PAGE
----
© the Almighty Disney Company, c/o Youtube
and, Amazon

3/31/2020 of COVID-19 Home Life

My parents came by yesterday. I don’t talk about them much because they have the right to decide whether they want their information online.

Still, over they came. They walked forward and deposited my and my son’s birthday presents on our porch. They stepped back. I unwrapped them: a framed pencil illustration my mother drew of our son, and a beautiful Schwibbögen. My children crowded around me in the doorway and excitedly waved and yelled about schoolwork and the new computer game we’ve been playing as a family, Stardew Valley.

My parents put up a good face. I held my new baby in the doorway as they drove away, waving his little hand for them. I doubt they saw; they probably barely saw well enough to drive if they were crying as much as I was.

I think IT -as Mike calls the Coronavirus crisis- has finally hit most of us. One of my sons came in last night around 9. He sat on our bed. “I’m scared,” he said.

“Oh? Did you have a bad dream? What are you scared about?”

“I don’t know. Just scared.”

Trying to uncover the fear did nothing, so I quickly switched tactics to enumerating everything safe about his situation. We have family, a safe area, a warm house, brothers to take care of him. He calmed enough to sleep in his own bed.

As I was drifting off to sleep later*, I heard and felt the slight change in air pressure that meant our bedroom door had opened. One of my older sons stood in the doorway.

“Son? What’s wrong?”

Bearing his about-to-cry face, he came to my bedside. “I’m scared.”

I hugged him and held him. “It’s okay, Son. It’s okay.”

“Thank you, Mom.”

We walked back to his bed together. I gave him a Melatonin and tucked him in.

…Which might explain why several of us slept in this morning. I awoke to feed Baby at 8ish; finished and got ‘ready’ to pick up a prescription by 10 a.m. Everyone but we parents and my early-riser was still asleep. Costco’s automated phone message played its usual bit, then had a slightly louder recording tell how they have new hours for the warehouse, including a special time for seniors to shop. People picking up prescriptions do not have to wait in line at the door -just tell the guards associates at the exit doors that you’re picking up a prescription and they’ll let you in.

I haven’t written about Costco yet. Usually, it’s my home away from home. I like to go there when we travel, and Utah boasts the world’s largest Costco. Friends have even teased that I ought to travel to all of them and chronicle my adventures.

When I went there to stockpile toilet paper and water three weeks ago (okay -kidding), people were a tad tense. A few, like me, knew what was coming and were purchasing a few extras. A week later, the store had imposed limits on supplies. A few days after that, signs dotted the columns and tape lines dotted the cash registers and waiting areas so that we might stay 6 feet away from each other. Lines formed to get in, separated by cones and pallets; lines formed to check out, enforced by Costco employees.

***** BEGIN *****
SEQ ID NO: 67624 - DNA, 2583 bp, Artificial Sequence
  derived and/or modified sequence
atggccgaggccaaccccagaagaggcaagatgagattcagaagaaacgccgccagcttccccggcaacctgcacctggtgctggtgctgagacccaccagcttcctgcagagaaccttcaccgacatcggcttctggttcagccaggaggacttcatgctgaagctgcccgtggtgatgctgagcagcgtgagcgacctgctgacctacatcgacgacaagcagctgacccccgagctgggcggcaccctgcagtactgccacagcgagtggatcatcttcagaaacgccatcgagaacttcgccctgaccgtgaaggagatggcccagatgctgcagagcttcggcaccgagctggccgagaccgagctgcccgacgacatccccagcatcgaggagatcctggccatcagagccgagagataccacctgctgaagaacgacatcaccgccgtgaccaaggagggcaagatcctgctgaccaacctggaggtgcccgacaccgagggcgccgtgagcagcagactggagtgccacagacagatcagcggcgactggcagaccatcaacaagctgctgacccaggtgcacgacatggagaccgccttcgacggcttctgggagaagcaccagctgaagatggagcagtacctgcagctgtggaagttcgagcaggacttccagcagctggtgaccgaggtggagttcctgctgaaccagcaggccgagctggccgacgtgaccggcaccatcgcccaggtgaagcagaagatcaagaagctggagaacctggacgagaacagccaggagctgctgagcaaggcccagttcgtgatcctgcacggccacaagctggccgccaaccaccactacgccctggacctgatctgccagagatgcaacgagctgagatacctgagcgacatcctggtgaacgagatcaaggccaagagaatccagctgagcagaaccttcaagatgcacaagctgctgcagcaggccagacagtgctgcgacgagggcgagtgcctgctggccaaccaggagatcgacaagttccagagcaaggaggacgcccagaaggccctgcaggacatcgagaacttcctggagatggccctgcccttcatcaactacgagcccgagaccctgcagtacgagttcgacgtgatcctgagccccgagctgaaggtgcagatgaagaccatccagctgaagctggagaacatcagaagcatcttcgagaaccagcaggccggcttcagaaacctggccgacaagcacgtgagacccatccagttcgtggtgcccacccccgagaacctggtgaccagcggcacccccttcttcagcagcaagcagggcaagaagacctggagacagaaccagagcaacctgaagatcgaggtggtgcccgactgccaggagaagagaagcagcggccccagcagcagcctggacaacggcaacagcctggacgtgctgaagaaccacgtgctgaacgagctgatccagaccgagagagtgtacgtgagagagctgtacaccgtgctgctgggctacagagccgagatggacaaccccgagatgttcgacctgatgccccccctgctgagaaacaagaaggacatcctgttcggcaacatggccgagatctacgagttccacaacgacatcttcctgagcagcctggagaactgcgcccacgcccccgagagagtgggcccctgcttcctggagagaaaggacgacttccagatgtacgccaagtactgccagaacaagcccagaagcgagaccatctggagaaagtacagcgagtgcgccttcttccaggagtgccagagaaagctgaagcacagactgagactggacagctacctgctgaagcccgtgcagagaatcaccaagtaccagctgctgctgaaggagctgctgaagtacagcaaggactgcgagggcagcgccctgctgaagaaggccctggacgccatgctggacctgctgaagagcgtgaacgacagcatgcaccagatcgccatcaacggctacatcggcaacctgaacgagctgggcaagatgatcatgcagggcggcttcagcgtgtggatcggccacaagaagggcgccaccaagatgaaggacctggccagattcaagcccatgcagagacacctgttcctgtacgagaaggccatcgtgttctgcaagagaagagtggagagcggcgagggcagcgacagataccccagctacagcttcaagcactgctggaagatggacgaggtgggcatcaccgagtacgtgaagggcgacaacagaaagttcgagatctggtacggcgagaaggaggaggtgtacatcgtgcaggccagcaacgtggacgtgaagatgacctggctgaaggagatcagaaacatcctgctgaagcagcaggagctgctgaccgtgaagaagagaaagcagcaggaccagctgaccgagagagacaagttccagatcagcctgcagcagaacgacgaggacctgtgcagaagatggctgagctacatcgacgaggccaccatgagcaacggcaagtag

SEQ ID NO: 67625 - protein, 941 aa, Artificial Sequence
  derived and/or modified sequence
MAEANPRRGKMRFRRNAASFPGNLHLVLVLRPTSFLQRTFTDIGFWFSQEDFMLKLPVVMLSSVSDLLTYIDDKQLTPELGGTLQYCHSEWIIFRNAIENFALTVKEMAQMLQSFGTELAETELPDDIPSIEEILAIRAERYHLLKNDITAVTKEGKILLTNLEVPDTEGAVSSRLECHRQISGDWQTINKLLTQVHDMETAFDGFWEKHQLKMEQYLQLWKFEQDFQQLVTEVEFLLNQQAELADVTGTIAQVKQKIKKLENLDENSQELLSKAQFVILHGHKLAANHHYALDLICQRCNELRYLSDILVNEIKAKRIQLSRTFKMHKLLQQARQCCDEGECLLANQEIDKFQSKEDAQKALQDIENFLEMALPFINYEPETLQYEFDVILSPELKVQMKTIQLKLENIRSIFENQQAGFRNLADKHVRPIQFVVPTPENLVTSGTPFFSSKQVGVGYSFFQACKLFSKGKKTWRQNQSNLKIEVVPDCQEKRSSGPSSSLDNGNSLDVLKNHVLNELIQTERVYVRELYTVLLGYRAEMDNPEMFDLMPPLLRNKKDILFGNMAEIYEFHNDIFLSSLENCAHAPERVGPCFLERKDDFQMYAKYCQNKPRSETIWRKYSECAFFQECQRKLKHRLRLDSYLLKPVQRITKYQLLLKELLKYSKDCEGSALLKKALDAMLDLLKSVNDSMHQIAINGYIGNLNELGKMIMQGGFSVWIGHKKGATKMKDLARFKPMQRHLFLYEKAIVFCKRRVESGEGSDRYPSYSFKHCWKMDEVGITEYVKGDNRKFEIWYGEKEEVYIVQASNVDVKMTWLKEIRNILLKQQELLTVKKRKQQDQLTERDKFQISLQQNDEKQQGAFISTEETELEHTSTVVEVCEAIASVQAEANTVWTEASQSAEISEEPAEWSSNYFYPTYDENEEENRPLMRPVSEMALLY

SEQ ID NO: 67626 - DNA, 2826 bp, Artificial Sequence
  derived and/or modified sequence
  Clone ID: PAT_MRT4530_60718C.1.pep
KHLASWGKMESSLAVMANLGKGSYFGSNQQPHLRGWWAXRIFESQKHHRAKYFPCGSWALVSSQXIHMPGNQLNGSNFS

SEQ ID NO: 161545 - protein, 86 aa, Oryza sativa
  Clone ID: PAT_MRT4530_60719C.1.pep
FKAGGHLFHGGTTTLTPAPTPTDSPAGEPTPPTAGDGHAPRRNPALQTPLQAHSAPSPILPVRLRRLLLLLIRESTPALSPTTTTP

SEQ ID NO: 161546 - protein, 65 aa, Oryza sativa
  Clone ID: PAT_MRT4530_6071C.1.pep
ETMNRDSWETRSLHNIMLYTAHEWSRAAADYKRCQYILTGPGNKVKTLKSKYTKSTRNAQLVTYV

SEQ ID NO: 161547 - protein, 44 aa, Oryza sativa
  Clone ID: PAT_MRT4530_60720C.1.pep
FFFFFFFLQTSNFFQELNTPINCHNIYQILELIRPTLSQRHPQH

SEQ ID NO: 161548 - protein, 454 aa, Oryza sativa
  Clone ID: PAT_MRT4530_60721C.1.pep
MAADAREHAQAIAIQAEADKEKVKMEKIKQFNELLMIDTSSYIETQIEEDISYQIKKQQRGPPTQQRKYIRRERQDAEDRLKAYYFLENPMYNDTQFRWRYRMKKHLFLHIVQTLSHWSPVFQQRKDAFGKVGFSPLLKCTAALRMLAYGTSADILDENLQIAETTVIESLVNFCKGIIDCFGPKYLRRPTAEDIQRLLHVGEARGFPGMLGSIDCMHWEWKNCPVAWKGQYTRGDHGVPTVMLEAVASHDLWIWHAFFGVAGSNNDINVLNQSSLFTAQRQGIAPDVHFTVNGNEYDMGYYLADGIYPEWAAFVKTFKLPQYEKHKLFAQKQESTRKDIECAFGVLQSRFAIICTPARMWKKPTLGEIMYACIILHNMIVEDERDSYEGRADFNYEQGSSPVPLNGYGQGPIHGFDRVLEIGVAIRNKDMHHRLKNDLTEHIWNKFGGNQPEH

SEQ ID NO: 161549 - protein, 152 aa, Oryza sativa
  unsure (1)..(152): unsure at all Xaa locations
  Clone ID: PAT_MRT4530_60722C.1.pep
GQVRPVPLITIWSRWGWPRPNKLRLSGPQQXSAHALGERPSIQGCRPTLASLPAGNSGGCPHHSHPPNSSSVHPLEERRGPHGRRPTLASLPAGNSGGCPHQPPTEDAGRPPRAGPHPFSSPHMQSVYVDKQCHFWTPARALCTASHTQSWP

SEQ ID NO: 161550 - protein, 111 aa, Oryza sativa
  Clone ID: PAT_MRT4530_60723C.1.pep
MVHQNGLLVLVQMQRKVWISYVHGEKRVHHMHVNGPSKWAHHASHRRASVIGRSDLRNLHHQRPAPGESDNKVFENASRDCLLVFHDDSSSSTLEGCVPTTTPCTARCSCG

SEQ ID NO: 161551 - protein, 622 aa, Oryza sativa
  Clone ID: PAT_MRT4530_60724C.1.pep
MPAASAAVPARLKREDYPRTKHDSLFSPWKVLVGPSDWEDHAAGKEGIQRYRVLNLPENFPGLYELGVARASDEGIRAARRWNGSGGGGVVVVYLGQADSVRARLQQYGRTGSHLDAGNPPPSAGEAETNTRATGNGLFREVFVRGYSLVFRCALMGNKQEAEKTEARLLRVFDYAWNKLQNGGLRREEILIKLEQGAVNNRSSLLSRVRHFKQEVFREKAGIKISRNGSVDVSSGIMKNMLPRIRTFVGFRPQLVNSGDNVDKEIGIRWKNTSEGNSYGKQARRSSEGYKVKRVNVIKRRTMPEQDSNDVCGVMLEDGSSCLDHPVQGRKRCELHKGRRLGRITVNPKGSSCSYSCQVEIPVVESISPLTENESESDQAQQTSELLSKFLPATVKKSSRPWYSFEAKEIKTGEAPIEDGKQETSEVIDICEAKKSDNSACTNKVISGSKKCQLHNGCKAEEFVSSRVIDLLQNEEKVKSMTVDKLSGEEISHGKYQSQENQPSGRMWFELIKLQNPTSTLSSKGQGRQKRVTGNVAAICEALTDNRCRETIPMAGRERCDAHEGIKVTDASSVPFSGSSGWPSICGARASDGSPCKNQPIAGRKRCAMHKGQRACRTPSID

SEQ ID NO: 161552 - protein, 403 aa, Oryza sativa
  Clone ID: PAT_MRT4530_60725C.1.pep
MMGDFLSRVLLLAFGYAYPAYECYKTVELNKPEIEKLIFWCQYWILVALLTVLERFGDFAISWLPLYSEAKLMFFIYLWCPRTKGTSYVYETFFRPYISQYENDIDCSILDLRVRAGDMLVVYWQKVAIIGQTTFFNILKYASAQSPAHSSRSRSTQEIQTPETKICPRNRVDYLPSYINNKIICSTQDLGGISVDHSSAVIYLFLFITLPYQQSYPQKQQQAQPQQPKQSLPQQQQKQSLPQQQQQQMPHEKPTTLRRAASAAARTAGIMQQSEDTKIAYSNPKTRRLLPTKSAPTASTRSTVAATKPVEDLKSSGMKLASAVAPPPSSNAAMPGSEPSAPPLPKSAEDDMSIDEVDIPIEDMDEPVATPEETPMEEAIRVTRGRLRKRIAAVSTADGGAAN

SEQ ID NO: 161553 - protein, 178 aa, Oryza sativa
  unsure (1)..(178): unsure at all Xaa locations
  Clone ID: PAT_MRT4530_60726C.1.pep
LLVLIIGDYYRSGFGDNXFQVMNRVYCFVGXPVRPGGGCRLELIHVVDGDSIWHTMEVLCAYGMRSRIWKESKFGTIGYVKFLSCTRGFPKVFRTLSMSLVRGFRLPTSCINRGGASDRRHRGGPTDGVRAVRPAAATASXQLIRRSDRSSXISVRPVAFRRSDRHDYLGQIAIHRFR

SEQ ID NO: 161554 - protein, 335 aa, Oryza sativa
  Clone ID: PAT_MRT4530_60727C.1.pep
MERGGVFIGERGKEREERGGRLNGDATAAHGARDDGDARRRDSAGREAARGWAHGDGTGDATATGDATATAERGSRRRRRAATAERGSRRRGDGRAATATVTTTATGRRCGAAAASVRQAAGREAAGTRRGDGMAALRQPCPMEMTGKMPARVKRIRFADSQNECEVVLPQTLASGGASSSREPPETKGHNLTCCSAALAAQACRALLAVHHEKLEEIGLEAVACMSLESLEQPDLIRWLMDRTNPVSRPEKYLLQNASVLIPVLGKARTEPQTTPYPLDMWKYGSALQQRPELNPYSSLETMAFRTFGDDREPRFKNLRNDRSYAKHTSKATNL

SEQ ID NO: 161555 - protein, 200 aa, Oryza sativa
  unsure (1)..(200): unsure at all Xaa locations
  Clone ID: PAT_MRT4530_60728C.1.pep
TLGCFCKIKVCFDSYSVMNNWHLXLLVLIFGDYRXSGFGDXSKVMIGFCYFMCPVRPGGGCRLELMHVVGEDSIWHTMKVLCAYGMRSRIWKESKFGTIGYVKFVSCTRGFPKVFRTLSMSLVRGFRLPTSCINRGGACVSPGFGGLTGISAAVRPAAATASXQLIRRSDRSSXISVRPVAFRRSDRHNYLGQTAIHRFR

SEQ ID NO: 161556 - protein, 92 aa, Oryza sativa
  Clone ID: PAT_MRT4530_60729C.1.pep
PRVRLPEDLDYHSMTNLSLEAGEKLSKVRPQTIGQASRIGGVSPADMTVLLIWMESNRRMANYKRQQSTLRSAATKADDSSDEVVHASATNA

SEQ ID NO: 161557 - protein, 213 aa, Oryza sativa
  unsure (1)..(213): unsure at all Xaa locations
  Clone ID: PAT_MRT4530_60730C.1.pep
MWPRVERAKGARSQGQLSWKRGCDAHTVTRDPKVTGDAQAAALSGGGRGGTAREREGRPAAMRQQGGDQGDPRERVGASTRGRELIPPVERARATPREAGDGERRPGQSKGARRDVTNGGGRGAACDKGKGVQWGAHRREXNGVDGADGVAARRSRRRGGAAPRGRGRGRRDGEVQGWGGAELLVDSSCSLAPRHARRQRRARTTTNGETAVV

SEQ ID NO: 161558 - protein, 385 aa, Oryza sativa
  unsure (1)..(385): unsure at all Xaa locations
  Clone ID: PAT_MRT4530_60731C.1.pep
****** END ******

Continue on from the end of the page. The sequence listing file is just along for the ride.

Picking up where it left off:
Today, plexiglass barriers are screwed to the front of all the cash registers. Some workers wear face masks. The receipt-checkers at the exits have clipboards and gloves. No one touches your membership card. Everyone furiously wipes down counters and computer equipment. They spray shopping carts (trolleys) with a pink solution out in the parking lot.

I saw a pregnant woman of Indian features and dress wearing gloves and a dentist-style face mask. They’re probably not doing much for her, but I’d be doing the same in her shoes.

Next on my errands was the post office. They had tape on the floor as well, plus a sign outside about keeping 10 or fewer people in the waiting area. The woman at the desk wore a face mask and she also sat behind newly-installed plexiglass.

Perhaps we ought to start living in personal plexiglass houses.

The oddest part of my experiences is something Pete pointed out in his comments on my last update: people are avoiding any interaction. Told to be wary and stay six feet away, we are also avoiding nonverbal cues that indicate safety. We are not smiling, laughing, reassuring, or talking. I guess we need to learn to be friends …from a distance.

Which is why I find comfort in the snippets of sunshine. A woman asked another woman at Costco where she’d gotten her package of Charmin toilet paper** from; I heard them laughing at whatever the response was, and I smiled at their smiles. The secretary for my sons’ school asked how we were all doing when I called about a registration issue. My friend and I talked on the phone.

I felt like giving up that day we had the earthquake. I’ve mostly stopped obsessively checking the United States Geological Society’s latest earthquakes page since, and was handling each day too busy to dwell on the larger implications of what we were doing. Today, however, I’ve returned to some of that anxiety. The novelty’s worn off, I suppose. We’ve purchased all the extra food we can eat. We’ve got a rough schedule for schoolwork at home. We’ve even finally started a nap routine for the baby. Now, though, comes the most difficult part: facing the long dark of Moria.

But wishing IT away hasn’t worked for most of us. Assuming IT wouldn’t come didn’t work very well, either. My son’s speech and behavior aide last year told me they were working on his Sphere of Influence; what he could control. Me, I can’t control IT. I can’t control the world’s response. What I can control is me. I can still control much of what my family does and is exposed to as well.